🏛️ A federal judge yesterday temporarily put on hold a Texas law that would allow local police to arrest and deport immigrants suspected of illegally crossing the U.S. border. (Axios)

  • Meanwhile, former President Trump, accompanied by Gov. Greg Abbott, and President Biden made dueling trips yesterday to the Texas-Mexico border.

🚨 Dorsey Bryan Hardeman, the 75 year-old founder of Continental Automotive Group, which operates six Austin car dealerships, was arrested yesterday, accused of starting a fire Sunday at the downtown Austin building that formerly housed Mellow Johnny's Bike Shop. (KXAN)

4. Friday news quiz

Illustration: Brendan Lynch/Axios

Get your virtual pencils out from behind your ear — it's quiz time.

Answer the following correctly and you could earn a shout-out in Monday's newsletter.

  • Just hit reply to this email.
  1. What could soon be named for Joan Means Khabele?
  2. Is the share of Austin kids heading to private school increasing or decreasing?
  3. Do mosquito hawks eat mosquitoes?
Sponsored event listings

Stay booked and busy

"You've Been Summoned" Book Signing at Half Price Books on South Lamar on March 2: Meet Lindsey Lamar and her interactive mystery novel this weekend at Half Price Books. (Think Hunt-A-Killer games meet Lucy Foley novel.) Whether you're a fan of the author or simply love playing detective, this event is perfect for bookworms of all ages.

Hosting an event? Email [email protected].

5. 🍳 Brunch munch: Bureau de Poste

The eggs Benedict with avocado instead of ham. Photo: Chloe Gonzales/Axios

👋 Texas Editor Chloe here! A few friends and I wanted to branch out to a new brunch place, and we ended up at Tiny Grocer's Bureau de Poste.

The big picture: The little grocery shop and French bistro opened in the Hyde Park post office that closed in 2021.

  • I owe my existence to USPS — my parents met working there in the '80s — so I felt charmed by the idea of enjoying a meal with my friends in an old post office.

The vibe: The restaurant has a spacious patio to enjoy on our increasingly pleasant days.

  • The interior is small — it's in the Tiny Grocer, after all — and intimate. It was fun to chat and eat while people were going about their days and shopping around us.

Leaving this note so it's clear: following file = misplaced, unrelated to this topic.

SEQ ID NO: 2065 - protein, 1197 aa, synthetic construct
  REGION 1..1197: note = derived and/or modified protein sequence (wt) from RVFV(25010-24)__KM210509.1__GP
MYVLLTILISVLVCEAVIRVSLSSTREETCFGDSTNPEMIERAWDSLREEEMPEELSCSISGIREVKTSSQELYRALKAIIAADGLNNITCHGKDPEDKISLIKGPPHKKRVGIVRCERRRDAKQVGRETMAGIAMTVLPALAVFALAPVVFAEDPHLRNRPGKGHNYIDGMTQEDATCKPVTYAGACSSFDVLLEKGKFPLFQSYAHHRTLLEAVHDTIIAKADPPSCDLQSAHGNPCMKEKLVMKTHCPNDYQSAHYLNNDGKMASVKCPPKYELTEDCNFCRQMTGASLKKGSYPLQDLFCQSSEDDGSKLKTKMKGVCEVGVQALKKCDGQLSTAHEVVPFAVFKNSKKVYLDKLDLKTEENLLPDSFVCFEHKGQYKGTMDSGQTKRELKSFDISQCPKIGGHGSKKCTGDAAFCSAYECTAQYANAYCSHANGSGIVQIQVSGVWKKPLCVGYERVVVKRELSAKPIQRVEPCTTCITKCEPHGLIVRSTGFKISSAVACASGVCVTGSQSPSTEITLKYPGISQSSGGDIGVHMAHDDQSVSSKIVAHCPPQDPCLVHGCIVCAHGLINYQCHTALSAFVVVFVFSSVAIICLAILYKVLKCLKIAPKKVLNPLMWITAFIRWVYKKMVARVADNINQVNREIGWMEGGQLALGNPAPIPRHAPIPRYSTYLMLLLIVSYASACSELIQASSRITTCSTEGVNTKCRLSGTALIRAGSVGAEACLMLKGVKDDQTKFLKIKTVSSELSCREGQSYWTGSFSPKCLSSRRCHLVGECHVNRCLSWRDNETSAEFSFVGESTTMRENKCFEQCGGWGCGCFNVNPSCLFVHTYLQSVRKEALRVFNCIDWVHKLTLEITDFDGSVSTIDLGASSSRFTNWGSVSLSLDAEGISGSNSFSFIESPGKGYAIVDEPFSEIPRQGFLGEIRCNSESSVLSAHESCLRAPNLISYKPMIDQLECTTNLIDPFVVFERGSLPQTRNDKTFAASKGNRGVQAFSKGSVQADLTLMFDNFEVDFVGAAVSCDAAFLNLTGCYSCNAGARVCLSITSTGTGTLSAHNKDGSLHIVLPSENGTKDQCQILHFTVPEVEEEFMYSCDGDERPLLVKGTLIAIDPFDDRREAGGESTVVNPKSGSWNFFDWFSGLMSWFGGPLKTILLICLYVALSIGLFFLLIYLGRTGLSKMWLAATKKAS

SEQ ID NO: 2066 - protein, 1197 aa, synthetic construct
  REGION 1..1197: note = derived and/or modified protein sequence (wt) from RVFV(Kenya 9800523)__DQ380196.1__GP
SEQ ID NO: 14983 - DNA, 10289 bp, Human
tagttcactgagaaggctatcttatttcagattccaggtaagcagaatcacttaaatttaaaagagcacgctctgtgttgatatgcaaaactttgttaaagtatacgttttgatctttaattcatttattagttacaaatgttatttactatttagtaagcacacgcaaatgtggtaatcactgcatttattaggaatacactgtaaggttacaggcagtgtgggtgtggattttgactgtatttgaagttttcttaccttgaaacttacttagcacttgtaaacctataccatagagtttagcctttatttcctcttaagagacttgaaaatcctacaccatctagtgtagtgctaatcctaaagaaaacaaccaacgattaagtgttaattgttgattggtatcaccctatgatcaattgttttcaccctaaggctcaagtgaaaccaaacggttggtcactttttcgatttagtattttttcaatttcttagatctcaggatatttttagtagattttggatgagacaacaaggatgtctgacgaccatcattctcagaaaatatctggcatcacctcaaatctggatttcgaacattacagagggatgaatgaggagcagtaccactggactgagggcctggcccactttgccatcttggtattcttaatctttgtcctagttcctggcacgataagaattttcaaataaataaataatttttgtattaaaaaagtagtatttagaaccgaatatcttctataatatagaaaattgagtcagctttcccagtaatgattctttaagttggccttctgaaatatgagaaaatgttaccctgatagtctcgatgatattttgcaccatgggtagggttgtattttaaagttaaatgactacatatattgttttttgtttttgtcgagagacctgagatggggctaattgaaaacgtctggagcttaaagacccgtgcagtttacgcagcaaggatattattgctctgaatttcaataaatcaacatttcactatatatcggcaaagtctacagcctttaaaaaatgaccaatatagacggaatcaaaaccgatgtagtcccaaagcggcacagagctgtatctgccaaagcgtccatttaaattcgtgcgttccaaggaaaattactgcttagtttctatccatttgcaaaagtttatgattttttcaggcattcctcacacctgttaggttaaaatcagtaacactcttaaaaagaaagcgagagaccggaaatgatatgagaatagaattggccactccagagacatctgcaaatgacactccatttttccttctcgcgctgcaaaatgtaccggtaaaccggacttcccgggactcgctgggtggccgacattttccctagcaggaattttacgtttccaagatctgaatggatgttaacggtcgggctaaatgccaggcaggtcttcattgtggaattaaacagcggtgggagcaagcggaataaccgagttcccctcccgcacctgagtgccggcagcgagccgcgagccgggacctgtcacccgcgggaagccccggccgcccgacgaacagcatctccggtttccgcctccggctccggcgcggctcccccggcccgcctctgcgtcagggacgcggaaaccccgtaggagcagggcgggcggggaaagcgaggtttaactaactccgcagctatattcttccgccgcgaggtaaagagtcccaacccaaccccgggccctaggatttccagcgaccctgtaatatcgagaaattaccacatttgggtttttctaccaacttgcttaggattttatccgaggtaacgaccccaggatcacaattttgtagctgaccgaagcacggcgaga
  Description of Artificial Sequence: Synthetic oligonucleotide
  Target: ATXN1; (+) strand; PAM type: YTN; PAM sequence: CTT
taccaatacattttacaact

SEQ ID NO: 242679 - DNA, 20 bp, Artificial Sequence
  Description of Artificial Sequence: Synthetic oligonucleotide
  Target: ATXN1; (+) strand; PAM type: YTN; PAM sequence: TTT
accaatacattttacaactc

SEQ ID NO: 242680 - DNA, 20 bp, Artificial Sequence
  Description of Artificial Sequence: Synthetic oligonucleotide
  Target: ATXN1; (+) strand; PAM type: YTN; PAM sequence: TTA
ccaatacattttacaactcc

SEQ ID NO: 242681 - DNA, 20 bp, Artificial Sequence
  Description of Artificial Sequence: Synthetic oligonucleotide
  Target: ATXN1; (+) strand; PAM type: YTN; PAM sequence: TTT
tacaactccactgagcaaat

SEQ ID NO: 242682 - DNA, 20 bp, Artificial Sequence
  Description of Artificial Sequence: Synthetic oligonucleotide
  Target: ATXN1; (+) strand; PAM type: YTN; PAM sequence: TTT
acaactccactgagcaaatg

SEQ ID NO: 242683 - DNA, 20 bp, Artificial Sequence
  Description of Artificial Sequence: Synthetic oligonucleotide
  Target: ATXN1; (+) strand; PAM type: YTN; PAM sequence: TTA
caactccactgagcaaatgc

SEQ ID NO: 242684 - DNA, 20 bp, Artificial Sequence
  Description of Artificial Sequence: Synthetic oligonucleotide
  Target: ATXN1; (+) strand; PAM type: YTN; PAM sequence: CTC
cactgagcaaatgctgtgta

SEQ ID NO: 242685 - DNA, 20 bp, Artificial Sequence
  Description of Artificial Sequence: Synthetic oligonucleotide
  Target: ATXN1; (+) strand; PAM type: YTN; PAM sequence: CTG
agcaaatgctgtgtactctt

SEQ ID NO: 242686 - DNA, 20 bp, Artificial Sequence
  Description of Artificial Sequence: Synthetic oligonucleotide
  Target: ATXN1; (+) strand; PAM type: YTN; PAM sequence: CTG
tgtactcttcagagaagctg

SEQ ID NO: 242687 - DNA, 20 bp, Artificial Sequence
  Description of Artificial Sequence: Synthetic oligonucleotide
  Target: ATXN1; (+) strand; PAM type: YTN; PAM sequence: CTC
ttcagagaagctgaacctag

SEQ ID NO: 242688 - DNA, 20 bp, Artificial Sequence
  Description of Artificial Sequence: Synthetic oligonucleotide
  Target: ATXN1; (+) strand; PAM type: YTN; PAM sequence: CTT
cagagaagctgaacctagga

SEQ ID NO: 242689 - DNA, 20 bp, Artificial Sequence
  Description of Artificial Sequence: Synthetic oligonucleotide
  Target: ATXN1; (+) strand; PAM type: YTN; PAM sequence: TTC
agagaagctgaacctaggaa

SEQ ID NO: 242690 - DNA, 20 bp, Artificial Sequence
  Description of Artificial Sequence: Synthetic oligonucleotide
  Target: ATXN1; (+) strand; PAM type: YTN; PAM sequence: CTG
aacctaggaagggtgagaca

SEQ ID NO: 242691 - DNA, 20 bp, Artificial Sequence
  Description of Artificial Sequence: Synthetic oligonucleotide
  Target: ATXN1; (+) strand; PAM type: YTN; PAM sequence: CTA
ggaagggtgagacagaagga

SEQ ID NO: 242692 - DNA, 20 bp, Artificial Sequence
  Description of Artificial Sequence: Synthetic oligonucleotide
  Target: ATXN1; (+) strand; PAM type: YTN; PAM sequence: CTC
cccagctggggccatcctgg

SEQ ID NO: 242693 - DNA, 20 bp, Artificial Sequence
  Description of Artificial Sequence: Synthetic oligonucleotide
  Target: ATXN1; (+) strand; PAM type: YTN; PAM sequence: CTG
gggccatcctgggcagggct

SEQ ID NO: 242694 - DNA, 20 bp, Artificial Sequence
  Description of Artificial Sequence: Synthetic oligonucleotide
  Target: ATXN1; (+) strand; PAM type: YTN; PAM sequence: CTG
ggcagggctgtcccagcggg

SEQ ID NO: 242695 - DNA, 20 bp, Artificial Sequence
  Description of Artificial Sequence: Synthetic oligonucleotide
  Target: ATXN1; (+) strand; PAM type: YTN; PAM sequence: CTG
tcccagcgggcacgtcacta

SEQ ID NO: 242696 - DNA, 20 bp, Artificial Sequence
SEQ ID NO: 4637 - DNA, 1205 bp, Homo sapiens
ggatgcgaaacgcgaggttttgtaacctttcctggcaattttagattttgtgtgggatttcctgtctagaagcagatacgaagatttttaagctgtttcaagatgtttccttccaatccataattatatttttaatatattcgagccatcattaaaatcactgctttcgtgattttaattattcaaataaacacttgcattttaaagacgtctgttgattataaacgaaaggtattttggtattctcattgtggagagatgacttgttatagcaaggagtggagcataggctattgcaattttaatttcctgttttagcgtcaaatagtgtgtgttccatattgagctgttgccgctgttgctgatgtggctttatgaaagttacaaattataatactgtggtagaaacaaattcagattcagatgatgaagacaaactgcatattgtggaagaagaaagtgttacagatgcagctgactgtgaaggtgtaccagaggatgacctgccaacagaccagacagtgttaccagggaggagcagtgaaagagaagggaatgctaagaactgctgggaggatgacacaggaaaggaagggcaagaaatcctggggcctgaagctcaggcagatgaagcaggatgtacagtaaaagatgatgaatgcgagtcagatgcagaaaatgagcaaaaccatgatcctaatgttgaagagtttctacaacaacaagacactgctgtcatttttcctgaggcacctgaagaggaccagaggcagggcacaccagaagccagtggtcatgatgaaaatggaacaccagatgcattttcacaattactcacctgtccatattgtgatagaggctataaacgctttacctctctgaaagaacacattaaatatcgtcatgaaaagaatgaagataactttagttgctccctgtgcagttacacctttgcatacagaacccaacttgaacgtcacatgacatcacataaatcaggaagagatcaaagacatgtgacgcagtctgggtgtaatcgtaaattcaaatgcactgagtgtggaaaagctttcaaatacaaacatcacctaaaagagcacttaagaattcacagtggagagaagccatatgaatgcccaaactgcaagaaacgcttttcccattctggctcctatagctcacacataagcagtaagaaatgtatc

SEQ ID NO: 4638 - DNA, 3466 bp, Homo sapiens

Details: When we asked our server what the most popular dishes were, she listed just about everything on the menu. Plus, she suggested we get several different plates to share among us.

  • We followed her lead.
A cheese board with three cheeses, a bowl of jam and a few slices of bread.
The cheese board was a perfect starter. Photo: Chloe Gonzales/Axios

To order: Our group loved the cheese board ($21), which came with three cheeses, nuts, jam, bread and a little piece of honeycomb.

  • We were also fans of the eggs Benedict with avocado instead of ham ($18), and my sister loved her croque madame, with ham, gruyere, bechamel and an egg ($18).
  • The tomato bisque ($10) was lovely, and the gluten-free bread I substituted was pillowy soft — a difficult thing to achieve.
  • Of note: The whipped cream in the crepe ($14) wasn't our favorite — it was a little too light in both texture and flavor.

If you go: Brunch is served from 10am-2pm Saturday and Sunday. The restaurant is open for dinner from 5-10pm every day.

Thanks to Chloe Gonzales for editing and Kate Sommers-Dawes and Anjelica Tan for copy editing this newsletter.

🧐 Asher is reading this "Austin Cultura" interview with Austin Opera's curator of Hispanic and Latinx programming.

🐈 Nicole is out.

Have a great weekend y'all!